First Majestic Silver (TSX:FR; NYSE: AG) says it is getting ready to appeal a Mexican court decision this week that revoked a key agreement determining how the silver producer was taxed in the country.
The federal court’s ruling, yet to be formally delivered to the Canadian miner’s subsidiary, Primero Empresa Minera, cancels an Advanced Pricing Agreement (APA) governing the tax on silver sales between 2010-2014.
First Majestic said the “rushed” resolution did not follow regular procedures, as the court did not provide the company with an opportunity to present evidence supporting its case.
It also said the decision was “inconsistent with previous legal precedents,” adding that the ruling is against the Mexican constitution.
The Vancouver-based miner initiated in May an arbitration process against Mexico under the North American Free Trade Agreement (NAFTA).
The move gave President López Obrador’s administration until Aug. 11 to enter into “good faith and amicable negotiations” with the company, which disputes reassessments issued by Mexico’s tax authority totalling $209.2 million.
The 90-day process deadline expired without any resolution of the tax dispute, First Majestic said in a press release on Sept. 25.
The company, which has three producing mines and several projects in Mexico, said it continued to assess all its legal options, both domestic and international.
In June, the company announced it planned to sell its Jalisco Group of assets to Apollo Gold (TSXV: APGO). The six properties, totalling 52 sq. km, include a total of 15 highly prospective claims. First Majestic has full ownership in 13 of them and holds a 45% stake in two of them.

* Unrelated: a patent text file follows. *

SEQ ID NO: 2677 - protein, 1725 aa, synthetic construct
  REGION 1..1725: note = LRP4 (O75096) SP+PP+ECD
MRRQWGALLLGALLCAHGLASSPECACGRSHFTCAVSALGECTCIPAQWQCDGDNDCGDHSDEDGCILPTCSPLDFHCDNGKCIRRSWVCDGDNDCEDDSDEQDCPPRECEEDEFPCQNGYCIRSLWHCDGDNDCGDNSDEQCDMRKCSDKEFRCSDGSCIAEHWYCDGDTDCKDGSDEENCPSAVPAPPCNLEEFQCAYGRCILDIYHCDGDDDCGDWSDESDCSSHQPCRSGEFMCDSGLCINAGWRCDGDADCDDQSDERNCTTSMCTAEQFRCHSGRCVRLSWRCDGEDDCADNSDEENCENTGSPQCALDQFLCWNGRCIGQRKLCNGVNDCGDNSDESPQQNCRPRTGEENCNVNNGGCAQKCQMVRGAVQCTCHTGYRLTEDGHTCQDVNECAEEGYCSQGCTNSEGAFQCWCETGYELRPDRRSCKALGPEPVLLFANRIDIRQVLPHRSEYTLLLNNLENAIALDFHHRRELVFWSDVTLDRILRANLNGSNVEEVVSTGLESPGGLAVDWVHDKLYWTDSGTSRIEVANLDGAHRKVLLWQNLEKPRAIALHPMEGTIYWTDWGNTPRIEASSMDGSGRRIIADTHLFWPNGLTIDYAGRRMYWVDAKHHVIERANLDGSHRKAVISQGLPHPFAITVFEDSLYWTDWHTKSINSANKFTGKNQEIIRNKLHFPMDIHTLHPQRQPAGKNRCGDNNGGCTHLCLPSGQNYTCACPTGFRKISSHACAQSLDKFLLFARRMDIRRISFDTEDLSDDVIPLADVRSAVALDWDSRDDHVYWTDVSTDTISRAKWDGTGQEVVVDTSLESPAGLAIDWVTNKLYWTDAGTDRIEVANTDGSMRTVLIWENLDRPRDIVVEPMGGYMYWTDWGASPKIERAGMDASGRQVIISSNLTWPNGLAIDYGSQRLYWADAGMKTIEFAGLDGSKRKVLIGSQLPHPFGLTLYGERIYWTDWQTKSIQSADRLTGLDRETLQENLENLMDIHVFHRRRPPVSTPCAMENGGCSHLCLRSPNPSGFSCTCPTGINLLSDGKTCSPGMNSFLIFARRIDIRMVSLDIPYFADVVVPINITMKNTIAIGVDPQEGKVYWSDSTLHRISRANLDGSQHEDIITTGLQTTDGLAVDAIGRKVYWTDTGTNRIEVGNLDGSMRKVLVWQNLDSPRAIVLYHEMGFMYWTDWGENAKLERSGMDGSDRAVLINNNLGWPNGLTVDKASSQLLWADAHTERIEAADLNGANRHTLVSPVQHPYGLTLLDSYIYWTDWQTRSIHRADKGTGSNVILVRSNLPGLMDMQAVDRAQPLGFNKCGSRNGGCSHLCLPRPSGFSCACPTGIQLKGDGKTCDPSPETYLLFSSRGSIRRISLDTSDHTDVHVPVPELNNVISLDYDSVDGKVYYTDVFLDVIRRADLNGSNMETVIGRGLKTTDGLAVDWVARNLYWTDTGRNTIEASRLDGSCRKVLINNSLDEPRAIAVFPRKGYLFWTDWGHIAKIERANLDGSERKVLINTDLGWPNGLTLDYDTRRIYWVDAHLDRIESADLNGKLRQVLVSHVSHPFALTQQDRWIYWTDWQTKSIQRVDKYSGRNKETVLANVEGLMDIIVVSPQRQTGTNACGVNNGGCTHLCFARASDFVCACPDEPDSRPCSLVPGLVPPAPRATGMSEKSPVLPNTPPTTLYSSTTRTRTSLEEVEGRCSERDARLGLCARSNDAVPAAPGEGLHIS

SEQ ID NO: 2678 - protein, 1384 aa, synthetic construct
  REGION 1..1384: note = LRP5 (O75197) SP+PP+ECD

President Obrador has made cracking down on tax breaks a priority. Several major companies, including the local unit of U.S. retailer Walmart and Mexican conglomerate Femsa, have recently agreed to make tax payments.
First Majestic has proposed three settlement offers since 2018 before launching the trade challenge in May. Each of them has been rebuffed.
“The nullification of the APA by the Mexican Federal Court on Administrative Matters is a negative outcome for First Majestic,” BMO Capital Markets’ Ryan Thompson said in a research note. “Although the decision can be appealed in the Circuit Courts, we think this dispute will continue to act as an overhang on the stock until the market has further clarity on a final outcome.”
The mining analyst pointed out that the Mexican tax authority, Servicio de Administracion Tributaria (SAT), “has been seeking to nullify the APA since 2016.”
“Recall that the SAT is seeking $214 million for its reassessment of the 2010-2012 tax years under grounds that the APA was not valid,” he noted. “It is unclear how much the SAT is seeking for the 2013-2018 tax years. First Majestic asserts that the APA was valid from 2010 to 2014. In First Majestic’s Q2 MD&A, the company estimates that the tax differential (spot vs. realized prices) for 2010-2018 would be $158 million (before interest and penalties).”